Ok couples, real talk time. This one is for all of you in happy, nurturing, loving relationships who maybe aren’t as prepared as you should be. There’s no perfect couple (Instagram’s a damn liar!) but some couples are living the good life, and other’s who are struggling. If you’ve ever been in the second scenario, you’ll know how stressful it can be. And the role money can play in that situation. It is essential that you protect yourself from a failed relationship with access to cash. Your own money. In your own name. And not at all tied to your spouse! Thinking about the end of a relationship sucks. I get it. It’s like having the death talk with your parents. It’s important though. You need to prepare for the bad times during the good times. The Not So Pleasant Stats The divorce rate in Canada is 38%, and that…

Taxes, taxes, taxes. I may not be an accountant but tax season is still the busiest time at work. And I’m not done talking about it yet! I’ve already talked about the best way to file your taxes in Canada and now I want to talk about your tax refund. You know, the good part! If you haven’t filed your taxes yet, you still have until April 30th to get it done. If you are on the ball and have already filed then your refund might be burning a hole in your pocket. Let’s talk about that, and figure out how to prioritize debt, saving or spending. Obviously not everyone gets a refund, but if you do, it can feel like a windfall. I know for myself, if I come into some money unexpectedly, it can be super tempting to spend it all. A new spring wardrobe or a weekend…

I have a thing for old houses. Neighbourhood streets lined with mature trees and an eclectic mix of architecture, colour, and details. That’s my jam. And it’s why our hopefully forever home is a one-hundred-year-old charmer. Living in an old home comes with its own set of challenges, and it’s not for everyone, but if you’re willing to take it on then, it can be a lot of fun. Since we moved in October, there have been never-ending weekend projects and a growing list of things we still want to do. That’s kind of the thing with home renovations. Once you get started, it’s tough to stop. This coming from the girl who’s gearing up to paint her bathroom for the second time because the colour isn’t quite right. Like the paint, we’ve made a few missteps along the way, but we’re learning lots about balancing our wants, our needs,…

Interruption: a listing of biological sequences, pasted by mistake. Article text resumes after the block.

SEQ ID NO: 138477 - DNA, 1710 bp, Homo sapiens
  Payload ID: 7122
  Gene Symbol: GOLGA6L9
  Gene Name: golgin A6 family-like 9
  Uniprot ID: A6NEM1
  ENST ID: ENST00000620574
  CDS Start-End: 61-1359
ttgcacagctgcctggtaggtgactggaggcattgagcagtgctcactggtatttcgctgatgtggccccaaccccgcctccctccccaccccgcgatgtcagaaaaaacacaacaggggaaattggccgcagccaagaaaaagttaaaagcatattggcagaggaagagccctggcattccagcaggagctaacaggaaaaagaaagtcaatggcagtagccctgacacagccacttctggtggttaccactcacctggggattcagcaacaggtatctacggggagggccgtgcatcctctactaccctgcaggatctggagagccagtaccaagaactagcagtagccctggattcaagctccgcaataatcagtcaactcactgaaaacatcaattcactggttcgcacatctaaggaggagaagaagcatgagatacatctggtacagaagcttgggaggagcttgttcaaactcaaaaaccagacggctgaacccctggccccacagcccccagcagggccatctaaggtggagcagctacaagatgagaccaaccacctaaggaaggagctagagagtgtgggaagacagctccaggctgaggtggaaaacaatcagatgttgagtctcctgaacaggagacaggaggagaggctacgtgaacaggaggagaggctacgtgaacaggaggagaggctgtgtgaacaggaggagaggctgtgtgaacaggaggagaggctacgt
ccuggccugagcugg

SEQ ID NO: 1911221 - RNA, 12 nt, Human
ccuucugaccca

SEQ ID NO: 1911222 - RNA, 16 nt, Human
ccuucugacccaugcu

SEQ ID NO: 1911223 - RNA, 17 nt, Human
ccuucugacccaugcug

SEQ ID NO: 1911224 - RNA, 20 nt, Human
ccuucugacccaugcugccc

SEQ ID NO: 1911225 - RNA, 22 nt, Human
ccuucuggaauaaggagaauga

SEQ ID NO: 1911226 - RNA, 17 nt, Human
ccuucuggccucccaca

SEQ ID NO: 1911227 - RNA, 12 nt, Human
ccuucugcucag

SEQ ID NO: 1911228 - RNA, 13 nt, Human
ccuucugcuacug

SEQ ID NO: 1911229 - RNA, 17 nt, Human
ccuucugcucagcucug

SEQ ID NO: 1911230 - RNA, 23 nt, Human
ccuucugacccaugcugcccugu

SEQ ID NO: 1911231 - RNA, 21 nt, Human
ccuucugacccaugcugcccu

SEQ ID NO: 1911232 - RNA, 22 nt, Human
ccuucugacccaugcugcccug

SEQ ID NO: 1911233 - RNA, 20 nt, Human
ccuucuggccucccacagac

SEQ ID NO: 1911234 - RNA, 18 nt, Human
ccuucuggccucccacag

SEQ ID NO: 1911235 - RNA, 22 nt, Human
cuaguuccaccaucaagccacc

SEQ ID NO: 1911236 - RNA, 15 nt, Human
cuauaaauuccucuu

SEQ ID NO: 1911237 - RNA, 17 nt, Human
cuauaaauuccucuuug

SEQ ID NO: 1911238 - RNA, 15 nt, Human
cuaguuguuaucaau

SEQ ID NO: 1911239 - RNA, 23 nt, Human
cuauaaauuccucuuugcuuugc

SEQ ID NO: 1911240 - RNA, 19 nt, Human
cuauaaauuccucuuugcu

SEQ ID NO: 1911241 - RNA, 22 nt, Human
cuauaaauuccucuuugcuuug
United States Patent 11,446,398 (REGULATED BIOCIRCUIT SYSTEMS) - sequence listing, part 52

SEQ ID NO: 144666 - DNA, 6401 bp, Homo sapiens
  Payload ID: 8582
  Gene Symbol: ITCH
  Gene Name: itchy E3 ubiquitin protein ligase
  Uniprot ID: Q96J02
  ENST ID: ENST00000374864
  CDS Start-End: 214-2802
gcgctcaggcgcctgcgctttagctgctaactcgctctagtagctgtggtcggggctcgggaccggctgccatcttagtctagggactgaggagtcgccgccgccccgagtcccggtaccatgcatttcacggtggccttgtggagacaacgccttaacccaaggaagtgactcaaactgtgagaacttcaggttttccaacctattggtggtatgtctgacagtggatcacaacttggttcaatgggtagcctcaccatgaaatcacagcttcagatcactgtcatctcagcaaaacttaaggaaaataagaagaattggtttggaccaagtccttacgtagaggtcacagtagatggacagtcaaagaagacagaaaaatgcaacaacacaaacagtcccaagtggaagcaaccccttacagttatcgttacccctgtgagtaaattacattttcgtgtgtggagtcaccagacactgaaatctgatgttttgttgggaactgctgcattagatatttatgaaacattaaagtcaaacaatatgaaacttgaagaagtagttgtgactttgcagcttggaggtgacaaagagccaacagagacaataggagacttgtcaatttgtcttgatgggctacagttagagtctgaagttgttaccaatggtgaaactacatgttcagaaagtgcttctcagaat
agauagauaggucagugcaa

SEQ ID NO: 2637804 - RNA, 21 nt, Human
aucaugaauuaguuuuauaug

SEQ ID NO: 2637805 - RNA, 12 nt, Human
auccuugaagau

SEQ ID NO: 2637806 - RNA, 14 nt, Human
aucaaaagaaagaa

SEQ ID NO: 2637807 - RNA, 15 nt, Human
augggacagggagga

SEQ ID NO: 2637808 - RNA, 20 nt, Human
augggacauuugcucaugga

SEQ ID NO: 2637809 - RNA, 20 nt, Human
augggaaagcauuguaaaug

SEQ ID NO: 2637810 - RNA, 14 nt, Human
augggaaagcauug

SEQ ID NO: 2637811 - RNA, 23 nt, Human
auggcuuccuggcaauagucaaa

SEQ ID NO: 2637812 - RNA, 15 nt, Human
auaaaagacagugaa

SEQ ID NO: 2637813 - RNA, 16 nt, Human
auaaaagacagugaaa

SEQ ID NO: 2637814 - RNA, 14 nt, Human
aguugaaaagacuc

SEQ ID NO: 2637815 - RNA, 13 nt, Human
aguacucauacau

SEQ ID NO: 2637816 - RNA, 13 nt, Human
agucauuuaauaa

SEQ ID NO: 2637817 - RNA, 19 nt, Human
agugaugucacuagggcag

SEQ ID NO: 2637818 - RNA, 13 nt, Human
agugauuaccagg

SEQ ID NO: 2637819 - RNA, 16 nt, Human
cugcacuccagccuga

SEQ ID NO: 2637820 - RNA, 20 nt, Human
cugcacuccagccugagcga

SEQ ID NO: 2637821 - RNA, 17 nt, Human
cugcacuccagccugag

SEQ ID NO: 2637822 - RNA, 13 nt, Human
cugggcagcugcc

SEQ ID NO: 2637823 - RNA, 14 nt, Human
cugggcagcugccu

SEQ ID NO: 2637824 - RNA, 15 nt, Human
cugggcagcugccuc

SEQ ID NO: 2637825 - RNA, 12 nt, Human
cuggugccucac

Over the past few weeks you’ve likely been receiving all those annoying tax slips in your mailbox or inbox. If you’re like me, you’re probably still procrastinating over the whole actually doing your taxes part though. Luckily you’ve still got time. The deadline to have your taxes filed in Canada is April 30th, giving us a couple of extra weeks over our US counterparts. Filing my taxes is not my favourite thing in the world. Honestly, I’m not sure why. I always put it off and then when I do it I’m pleasantly surprised how little time it takes. My return is simple. I work one salaried job that gets me a T4 and then have RRSP contributions to factor in. All my investments are either in my RRSP or TFSA which means no slips for investment income. This year I’m planning to include my blog expenses. I’ve never done…

Confidence is a funny thing. When you have it, you feel like you can conquer anything, but when you don’t, you find yourself stuck in no man’s land. This happens with a lot of things. How many of you have ever not done something because you thought you’d be bad at it? My favourite (that I have used WAY too many times) is ‘I can’t go to ‘fill in the blank’ workout class. I need to get in better shape first!’ That’s my serious lack of confidence showing. Other examples might be ‘I can’t fix the leaky faucet, I’m not a plumber’ or ‘I think I’ll just stay home, I’m not going to know anyone.’ Sometimes we can be our own worst enemies. And confidence can play a huge role in how you handle your money as well. Not only in how you spend but also how you save and how you…